Hot Stove 2012
By Ryan Hanchett
Published in Sports on January 31, 2012 1:46 PM
The beauty of baseball is that win or lose, every game has a story.
Several stories were swapped during the annual Wayne County Hot Stove banquet on Monday night at Lane Tree Golf Club.
Guest speakers Jerry and Johnny Narron delivered speeches and offered advice for all of the players, coaches and parents in attendance. Both brothers spent time in the major leagues as players and are now coaches in the Milwaukee Brewers organization.
"It is really going to be an honor to coach with my brother this season," Jerry Narron said. "He has been to the World Series (with the Texas Rangers) the last two seasons, I have been around the majors for 25 years and haven't been to one yet."
Jerry spent his playing career as a catcher for the New York Yankees, Seattle Mariners and Anaheim Angels. As a coach he has worked with the Baltimore Orioles, Cincinnati Reds and Texas Rangers. His first major league hit came off of Hall-of-Famer Jim Palmer in 1974 and his first home run came off Hall-of-Famer Dennis Eckersley.
"I would have taken 25 days in a major league uniform," Jerry Narron said. "As it turned out I have had 25 years and I could not be more blessed."
Johnny Narron followed his brother by going over what he learned as a coach with the Rangers during their World Series runs over the past two seasons.
"One thing I always told those guys was to remember that putting on a uniform is a privilege," Johnny Narron said. "No matter what age or skill level, playing this game the right way is what is most important."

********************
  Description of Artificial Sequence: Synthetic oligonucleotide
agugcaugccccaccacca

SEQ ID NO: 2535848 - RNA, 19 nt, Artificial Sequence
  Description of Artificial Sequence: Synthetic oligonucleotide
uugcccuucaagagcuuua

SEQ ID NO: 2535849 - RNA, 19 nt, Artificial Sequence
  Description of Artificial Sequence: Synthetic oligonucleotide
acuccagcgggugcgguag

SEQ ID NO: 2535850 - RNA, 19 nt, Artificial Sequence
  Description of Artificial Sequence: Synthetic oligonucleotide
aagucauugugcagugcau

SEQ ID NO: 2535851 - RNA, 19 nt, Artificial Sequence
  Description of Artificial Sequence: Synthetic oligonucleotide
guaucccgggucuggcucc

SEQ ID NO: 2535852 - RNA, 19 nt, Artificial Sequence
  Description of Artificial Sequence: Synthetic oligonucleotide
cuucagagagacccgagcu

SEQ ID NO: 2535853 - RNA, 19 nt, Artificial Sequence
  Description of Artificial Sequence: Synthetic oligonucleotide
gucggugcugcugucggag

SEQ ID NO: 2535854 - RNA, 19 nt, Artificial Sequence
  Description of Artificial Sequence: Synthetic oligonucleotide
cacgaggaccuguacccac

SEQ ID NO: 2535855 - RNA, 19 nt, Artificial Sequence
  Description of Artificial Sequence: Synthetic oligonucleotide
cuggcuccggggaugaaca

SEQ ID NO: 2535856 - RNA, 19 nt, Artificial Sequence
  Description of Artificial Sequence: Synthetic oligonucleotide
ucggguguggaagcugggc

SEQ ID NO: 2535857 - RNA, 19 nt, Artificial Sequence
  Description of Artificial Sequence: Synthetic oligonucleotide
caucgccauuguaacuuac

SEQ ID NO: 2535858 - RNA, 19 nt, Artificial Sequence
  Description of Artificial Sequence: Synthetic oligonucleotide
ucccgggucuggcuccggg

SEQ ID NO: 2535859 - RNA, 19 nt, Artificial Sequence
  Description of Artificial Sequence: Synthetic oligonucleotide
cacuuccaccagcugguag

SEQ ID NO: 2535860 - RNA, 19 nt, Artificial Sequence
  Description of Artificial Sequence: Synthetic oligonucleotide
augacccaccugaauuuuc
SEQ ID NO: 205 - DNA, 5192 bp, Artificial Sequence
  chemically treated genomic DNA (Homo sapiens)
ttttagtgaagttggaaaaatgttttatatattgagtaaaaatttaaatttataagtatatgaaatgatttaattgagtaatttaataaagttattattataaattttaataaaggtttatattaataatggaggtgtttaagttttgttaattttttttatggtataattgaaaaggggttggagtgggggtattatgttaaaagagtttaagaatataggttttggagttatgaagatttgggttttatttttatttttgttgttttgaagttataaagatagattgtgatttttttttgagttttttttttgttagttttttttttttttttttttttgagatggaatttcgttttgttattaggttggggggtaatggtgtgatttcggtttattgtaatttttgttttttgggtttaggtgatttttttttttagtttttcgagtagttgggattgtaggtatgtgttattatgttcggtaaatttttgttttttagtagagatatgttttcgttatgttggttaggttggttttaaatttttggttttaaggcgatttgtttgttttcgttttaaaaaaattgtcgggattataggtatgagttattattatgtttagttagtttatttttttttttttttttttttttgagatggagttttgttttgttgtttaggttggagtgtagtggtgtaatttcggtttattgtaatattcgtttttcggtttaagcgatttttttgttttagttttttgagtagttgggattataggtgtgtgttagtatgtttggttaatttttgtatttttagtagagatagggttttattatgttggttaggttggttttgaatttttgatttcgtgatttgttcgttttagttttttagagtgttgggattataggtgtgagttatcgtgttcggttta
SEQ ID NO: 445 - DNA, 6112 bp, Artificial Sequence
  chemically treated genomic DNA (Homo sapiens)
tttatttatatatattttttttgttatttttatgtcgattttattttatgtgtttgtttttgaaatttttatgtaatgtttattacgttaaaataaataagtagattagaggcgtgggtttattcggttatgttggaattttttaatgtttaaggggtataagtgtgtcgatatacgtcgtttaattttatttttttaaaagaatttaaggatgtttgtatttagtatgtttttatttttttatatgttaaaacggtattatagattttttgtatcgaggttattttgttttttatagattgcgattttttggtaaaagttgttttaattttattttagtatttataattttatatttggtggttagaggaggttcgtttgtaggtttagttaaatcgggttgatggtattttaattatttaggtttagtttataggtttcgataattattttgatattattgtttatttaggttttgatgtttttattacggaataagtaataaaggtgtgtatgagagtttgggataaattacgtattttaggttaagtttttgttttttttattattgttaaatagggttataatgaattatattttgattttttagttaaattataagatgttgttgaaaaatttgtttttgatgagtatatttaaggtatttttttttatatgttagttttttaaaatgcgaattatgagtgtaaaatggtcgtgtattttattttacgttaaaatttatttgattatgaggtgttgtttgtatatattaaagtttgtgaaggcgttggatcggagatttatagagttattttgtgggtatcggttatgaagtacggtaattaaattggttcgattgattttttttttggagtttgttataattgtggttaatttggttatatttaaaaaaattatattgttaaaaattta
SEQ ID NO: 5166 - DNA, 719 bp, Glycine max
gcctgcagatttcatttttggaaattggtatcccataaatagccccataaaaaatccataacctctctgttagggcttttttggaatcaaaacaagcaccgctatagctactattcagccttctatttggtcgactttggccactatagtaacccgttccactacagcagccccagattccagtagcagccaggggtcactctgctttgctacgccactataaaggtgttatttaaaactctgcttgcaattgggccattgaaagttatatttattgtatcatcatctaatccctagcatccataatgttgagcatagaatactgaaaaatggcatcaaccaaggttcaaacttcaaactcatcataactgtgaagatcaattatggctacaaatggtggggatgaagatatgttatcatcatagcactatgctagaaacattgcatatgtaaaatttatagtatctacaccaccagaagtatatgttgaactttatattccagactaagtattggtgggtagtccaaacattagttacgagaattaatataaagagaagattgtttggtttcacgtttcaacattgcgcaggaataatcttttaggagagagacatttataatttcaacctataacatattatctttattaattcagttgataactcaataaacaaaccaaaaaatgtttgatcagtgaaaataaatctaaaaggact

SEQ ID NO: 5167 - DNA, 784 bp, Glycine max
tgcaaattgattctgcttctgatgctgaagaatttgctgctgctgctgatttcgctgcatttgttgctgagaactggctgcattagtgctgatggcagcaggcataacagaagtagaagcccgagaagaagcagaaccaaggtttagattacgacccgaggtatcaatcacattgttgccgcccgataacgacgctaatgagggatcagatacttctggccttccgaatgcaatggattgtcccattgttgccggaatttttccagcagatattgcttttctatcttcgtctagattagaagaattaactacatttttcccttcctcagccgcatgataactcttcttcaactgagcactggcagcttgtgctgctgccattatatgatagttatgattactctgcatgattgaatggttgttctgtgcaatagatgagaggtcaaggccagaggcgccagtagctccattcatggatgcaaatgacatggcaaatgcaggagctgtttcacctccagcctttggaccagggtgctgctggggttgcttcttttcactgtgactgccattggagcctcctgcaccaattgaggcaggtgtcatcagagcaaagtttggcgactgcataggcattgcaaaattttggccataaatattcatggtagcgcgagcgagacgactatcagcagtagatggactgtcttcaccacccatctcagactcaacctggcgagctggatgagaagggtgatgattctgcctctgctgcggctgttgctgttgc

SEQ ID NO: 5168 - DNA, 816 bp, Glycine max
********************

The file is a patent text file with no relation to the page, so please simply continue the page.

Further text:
The awards portion of the night followed as several local players were recognized. Southern Wayne's Kevin Wise and Charles B. Aycock's Jon Taylor shared the Jerry Narron Award for most outstanding high school player. Eastern Wayne's Zack Mozingo claimed the Clyde King award and Spring Creek's Zach Harrell took home the George Whitfield award.
Eastern Wayne head coach Jabo Fulghum was given the Doyle Whitfield award as the area's top high school coach. Michael Stewart claimed the John Thomas award for his years of volunteer service to baseball in Wayne County.
Hot stove organizer and Eastern Wayne assistant coach Roger May also addressed the crowd. May's son, Jake, a catcher on the Eastern Wayne varsity team, has been battling leukemia for the past month and is currently undergoing treatment.
"I can't thank all the people in this room for all the prayers and generosity regarding my son," May said. "We have been very blessed for what the people in this room have done for our family."
Proceeds from the T-shirt sales at the banquet went to the May family to help with Jake's medical expenses.
"It is amazing to see how this night has grown over the past six years," May said. "We started out at the ECAP with about 90 people. We had to rent tables and chairs and pull the batting cages back so there was room to sit, so to see the amount of people who have come to support baseball in Wayne County is wonderful."
Proceeds from ticket sales at the banquet will go to promote youth baseball in Wayne County.